“If Americans want to live the American dream, they should go to Denmark.” Richard Wilkinson
As a physician and epidemiologist, I am perpetually thinking about how to improve the lives of my patients. In medicine we have faith in the randomized control trial to show the potential impact of a new medication for example. How do we do that? For certain medications, a small percentage difference in effect from placebo can lead to significant and real differences in health outcomes. But we can’t do randomized control trials for social or institutional or government policies… Or can we? And if we were to do so, do we know how to measure what matters?
Richard Wilkinson and Kate Pickett, two epidemiologists from the UK recently wrote a fascinating book called “The Spirit Level: Why Greater Equality Makes Societies Stronger.” This remarkable book quantifies the intuition of many, inequality breeds unhealthy societies. Wilkinson and Pickett measure and quantify a number of things but one of the seemingly simplest and most captivating charts they convey is one in which they have created an index of health and social problems which includes life expectancy, infant mortality, homicides, imprisonment, teenage births, obesity, mental illness (including drug and alcohol addiction), social mobility, math and literacy, and trust and graph this against income inequality (not Gross Domestic Product or GDP) in the 20 wealthiest nations of the world. The greater the income inequality, the worse those countries do on the health and social problems index.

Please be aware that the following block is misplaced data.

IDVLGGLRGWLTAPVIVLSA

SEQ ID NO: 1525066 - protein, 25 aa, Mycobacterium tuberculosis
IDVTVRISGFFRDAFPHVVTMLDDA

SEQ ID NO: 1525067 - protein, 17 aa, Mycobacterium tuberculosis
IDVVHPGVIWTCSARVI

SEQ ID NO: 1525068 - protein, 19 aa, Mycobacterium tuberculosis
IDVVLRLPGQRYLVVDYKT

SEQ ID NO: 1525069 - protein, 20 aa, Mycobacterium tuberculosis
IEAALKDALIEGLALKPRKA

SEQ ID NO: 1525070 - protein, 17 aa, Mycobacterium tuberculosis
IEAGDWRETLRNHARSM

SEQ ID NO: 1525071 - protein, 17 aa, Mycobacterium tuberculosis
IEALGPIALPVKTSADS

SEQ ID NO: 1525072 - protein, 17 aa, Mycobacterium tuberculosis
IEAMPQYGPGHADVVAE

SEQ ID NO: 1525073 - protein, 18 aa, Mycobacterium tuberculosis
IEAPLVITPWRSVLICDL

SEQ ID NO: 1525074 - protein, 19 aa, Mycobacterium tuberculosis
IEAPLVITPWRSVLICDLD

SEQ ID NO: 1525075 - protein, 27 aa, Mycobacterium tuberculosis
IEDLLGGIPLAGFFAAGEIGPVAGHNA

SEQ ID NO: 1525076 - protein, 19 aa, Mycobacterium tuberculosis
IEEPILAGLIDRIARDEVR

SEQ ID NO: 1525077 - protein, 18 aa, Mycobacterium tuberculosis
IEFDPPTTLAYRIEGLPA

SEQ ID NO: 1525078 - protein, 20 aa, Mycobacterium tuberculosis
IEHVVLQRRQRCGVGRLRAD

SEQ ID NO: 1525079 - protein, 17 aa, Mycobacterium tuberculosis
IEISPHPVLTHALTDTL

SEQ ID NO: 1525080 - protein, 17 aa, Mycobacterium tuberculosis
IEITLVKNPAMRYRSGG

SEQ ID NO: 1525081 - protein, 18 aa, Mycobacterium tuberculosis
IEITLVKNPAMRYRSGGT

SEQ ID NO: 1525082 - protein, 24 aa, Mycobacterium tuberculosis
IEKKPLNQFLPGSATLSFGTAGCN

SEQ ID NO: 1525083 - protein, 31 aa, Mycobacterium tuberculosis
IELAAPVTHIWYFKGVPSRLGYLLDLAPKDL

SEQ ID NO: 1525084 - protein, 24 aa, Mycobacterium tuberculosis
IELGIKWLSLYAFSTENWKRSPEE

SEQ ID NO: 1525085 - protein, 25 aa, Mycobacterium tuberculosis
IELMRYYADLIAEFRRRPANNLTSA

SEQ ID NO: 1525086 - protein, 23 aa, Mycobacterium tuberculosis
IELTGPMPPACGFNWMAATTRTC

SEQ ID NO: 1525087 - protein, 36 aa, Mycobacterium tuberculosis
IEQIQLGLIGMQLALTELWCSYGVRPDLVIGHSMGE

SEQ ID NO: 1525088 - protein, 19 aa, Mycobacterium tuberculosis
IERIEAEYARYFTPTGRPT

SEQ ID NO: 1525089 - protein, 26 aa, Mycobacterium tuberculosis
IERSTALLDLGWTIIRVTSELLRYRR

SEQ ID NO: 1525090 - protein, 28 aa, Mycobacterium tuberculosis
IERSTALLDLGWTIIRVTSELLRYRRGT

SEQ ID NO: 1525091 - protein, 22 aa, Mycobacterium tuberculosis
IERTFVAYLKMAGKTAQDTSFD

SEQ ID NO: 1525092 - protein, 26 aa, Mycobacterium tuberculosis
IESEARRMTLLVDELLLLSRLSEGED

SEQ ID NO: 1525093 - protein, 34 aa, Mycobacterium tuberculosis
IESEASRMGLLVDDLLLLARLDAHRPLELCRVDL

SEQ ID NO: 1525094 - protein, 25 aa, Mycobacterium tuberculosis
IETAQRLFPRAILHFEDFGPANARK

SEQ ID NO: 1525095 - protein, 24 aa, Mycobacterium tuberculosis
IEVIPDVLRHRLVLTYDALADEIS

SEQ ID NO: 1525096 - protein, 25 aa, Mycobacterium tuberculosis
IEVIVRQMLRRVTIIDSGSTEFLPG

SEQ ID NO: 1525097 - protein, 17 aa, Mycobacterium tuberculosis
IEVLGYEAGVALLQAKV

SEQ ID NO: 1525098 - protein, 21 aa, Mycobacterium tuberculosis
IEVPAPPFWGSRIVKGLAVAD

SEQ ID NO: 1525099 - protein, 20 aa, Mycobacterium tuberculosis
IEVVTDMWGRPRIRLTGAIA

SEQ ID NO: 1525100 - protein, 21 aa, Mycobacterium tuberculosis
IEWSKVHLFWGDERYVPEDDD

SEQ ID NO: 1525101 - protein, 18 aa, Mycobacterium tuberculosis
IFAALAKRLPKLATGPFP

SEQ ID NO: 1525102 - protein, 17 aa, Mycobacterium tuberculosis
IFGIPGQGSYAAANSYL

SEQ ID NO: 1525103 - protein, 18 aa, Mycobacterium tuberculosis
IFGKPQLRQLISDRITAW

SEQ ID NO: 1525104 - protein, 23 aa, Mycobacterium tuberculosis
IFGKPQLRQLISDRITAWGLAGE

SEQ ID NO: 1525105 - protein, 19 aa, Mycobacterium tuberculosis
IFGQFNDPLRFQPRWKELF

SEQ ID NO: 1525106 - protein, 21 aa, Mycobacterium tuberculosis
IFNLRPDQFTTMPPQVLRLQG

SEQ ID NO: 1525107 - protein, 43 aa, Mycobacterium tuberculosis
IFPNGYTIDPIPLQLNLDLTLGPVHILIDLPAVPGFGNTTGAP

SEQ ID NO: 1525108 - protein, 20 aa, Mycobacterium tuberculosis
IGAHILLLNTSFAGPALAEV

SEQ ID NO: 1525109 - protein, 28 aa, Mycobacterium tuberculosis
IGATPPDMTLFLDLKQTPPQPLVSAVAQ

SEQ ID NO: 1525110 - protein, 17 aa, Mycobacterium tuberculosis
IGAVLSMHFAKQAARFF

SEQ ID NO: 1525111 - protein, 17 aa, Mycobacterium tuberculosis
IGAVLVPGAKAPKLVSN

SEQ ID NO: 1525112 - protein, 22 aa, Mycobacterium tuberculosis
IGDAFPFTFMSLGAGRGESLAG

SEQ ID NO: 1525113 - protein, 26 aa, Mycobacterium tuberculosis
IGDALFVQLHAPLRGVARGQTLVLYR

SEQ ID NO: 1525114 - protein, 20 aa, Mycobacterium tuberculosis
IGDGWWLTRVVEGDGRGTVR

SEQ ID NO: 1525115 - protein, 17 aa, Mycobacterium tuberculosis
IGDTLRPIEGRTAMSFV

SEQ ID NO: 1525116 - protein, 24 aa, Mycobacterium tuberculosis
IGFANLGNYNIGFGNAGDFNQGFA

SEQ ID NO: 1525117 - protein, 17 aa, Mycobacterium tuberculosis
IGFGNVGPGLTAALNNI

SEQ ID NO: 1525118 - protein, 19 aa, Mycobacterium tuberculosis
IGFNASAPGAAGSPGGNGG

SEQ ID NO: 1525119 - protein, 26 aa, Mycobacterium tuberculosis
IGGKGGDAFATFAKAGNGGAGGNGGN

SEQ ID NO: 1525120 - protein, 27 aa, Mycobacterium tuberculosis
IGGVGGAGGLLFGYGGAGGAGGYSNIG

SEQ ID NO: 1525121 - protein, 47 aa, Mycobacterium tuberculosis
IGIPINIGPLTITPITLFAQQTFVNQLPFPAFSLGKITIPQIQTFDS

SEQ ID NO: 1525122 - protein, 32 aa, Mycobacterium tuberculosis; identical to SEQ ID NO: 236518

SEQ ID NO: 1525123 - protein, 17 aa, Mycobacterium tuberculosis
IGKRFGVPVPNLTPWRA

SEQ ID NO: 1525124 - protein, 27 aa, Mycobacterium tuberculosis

Can you guess which country did the worst?
Sadly, our very own.
If you don’t have time to read the book, I encourage you to take a look at Richard Wilkinson’s recent TED talk which provides a glimpse of the remarkable evidence.
As physicians we have dedicated our lives to improving the health of our patients using evidence-based medicine to make decisions about medications and treatments for patients… Can we also use this evidence to write a prescription to make our society more equal and therefore healthier for all of us?